Further, Ntina Tzouvala explored the gap between perception and reality when it comes to the qualifications required for an entry-level job in the UK and in Australia. The topic of the academic job market was then nicely elaborated by Alexander Gilder, whose two part post explained how to secure a first academic post in the United Kingdom (there was also a nice bonus accompanying this post).
Even after securing a permanent academic post, junior international lawyers may struggle with aspects of the job that a doctoral degree does not effectively prepare us for. We had two great contributions from Başak Etkin and Fleur Johns who shared their experiences and skills on how to craft convincing abstracts and pitch your ideas to conference organisers. Mastering abstracts could be of use for many of your projects, including writing a longer-form “abstract” for your manuscript with the aim of securing a publishing contract. Yet, there are some peculiarities to this process: Barrie Sander and Rebecca Sutton shared their experiences with writing book proposals in their interview-style contribution (and you will also be able to access their proposals, which were attached to their post). The next post by Lucas Lixinski offered indispensable insights on how to not only balance research and teaching but on how to make sure that they inform and improve each other. Yvonne McDermott then provided some tips on securing research funding drawing on her recent experience securing an ECR Starting Grant. This part of the symposium concluded with a post by Raghavi Viswanath and Tejas Rao who discussed the complicated issue of social media, and especially Twitter, as professional tools.
We are now delighted to welcome you to the second part of this symposium, hosted by Afronomicslaw. We begin by focusing on how to look after your mental health while being an international legal scholar. We start with a very important contribution by Douglas Guilfoyle who reflects on dealing with mental health issues triggered by professional, workplace, and personal pressures. Michael Lane then discusses strategies for tackling ‘imposter syndrome’ in academia, including how to overcome doubt as an early career researcher. We continue with a creative contribution by Medes Malaihollo, who outlines how Indigenous conceptions of time enabled him to manage his own time better. In two frank and joyful posts, Aoife O’Donoghue and Sophie Rigney share their own “best practices” on how to take time off work and still enjoy what our lives offer outside the walls of our office or beyond our working laptop screens.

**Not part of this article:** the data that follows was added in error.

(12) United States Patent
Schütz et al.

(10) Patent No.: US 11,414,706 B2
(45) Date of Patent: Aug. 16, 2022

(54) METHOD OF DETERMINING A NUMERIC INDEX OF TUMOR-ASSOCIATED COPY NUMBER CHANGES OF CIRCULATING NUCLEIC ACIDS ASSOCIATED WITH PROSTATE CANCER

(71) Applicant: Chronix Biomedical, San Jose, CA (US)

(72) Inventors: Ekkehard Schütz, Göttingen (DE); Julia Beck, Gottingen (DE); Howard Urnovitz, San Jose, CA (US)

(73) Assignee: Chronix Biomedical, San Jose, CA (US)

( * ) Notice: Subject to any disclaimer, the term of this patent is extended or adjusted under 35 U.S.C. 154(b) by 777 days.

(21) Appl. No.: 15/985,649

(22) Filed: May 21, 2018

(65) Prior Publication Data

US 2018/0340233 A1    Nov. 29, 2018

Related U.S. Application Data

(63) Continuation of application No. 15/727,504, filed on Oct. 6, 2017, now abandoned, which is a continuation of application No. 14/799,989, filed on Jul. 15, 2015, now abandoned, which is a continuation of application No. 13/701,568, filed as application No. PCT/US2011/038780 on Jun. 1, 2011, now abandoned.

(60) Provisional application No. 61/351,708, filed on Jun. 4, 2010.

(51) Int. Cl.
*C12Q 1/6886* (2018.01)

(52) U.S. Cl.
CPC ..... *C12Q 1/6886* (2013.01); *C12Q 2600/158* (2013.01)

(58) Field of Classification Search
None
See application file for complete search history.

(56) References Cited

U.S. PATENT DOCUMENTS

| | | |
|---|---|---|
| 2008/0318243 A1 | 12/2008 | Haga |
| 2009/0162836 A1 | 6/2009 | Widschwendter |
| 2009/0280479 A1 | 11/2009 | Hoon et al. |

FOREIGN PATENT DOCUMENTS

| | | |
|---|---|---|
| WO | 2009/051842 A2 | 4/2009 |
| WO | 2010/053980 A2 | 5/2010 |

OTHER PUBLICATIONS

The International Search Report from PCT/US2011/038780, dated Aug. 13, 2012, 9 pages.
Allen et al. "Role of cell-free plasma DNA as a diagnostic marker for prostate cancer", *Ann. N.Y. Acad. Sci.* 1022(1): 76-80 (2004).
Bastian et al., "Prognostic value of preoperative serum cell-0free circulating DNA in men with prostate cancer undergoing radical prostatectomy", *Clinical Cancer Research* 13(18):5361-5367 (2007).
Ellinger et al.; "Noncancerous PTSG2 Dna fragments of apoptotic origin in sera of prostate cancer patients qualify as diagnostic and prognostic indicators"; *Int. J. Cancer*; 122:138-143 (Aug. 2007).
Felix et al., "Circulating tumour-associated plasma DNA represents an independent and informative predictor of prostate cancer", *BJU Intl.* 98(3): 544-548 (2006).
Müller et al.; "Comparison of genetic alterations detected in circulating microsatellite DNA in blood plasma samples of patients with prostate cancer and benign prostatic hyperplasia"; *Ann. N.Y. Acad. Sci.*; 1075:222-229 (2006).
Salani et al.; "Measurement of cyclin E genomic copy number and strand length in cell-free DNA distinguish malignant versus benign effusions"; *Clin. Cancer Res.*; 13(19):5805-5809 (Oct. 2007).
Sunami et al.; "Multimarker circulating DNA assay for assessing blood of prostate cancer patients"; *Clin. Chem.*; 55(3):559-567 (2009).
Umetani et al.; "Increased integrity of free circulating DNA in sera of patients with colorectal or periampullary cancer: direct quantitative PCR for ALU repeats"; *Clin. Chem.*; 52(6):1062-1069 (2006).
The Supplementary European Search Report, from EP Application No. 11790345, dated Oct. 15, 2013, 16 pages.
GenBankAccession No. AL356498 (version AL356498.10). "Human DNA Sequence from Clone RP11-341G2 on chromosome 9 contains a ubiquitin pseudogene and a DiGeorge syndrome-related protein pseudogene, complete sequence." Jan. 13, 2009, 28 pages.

The last part of our symposium illuminates some structural problems of the field – problems that one cannot easily resolve by mastering new skills. Posts by Radhika Jagtap and Akhila Basalalli open the discussion of challenges related to geography and gender. Radhika and Akhila candidly share their experiences of what it means to be a female international lawyer from the Global South. They focus on challenges specific to scholars in underfunded institutions who are also being pressured for not ‘performing’ traditional female roles. Speaking of gender disparities, Aphiwan Natasha King makes an important intervention by highlighting the problem of gender disparity in academic citations. In her post, she also gives advice for rectifying the gender gap in academic publishing, especially in international law. This part closes with a contribution from an anonymous author who offers a somber account of the challenges faced by early-career ‘Blackademics’ in international law. Drawing from extensive interviews, this post concludes with a call for an honest discussion about race/ism in our field.
We are well aware that the posts that follow only offer a glimpse into the wide variety of challenges experienced by early career researchers. We aimed to bring together a diverse group of early-career scholars with particular attention to those often left out in the mainstream maze. We also included mid-career and senior colleagues with a view to offer practical advice publicly. We consider this symposium a modest, initial effort, and we are looking forward to seeing similar efforts unfold elsewhere.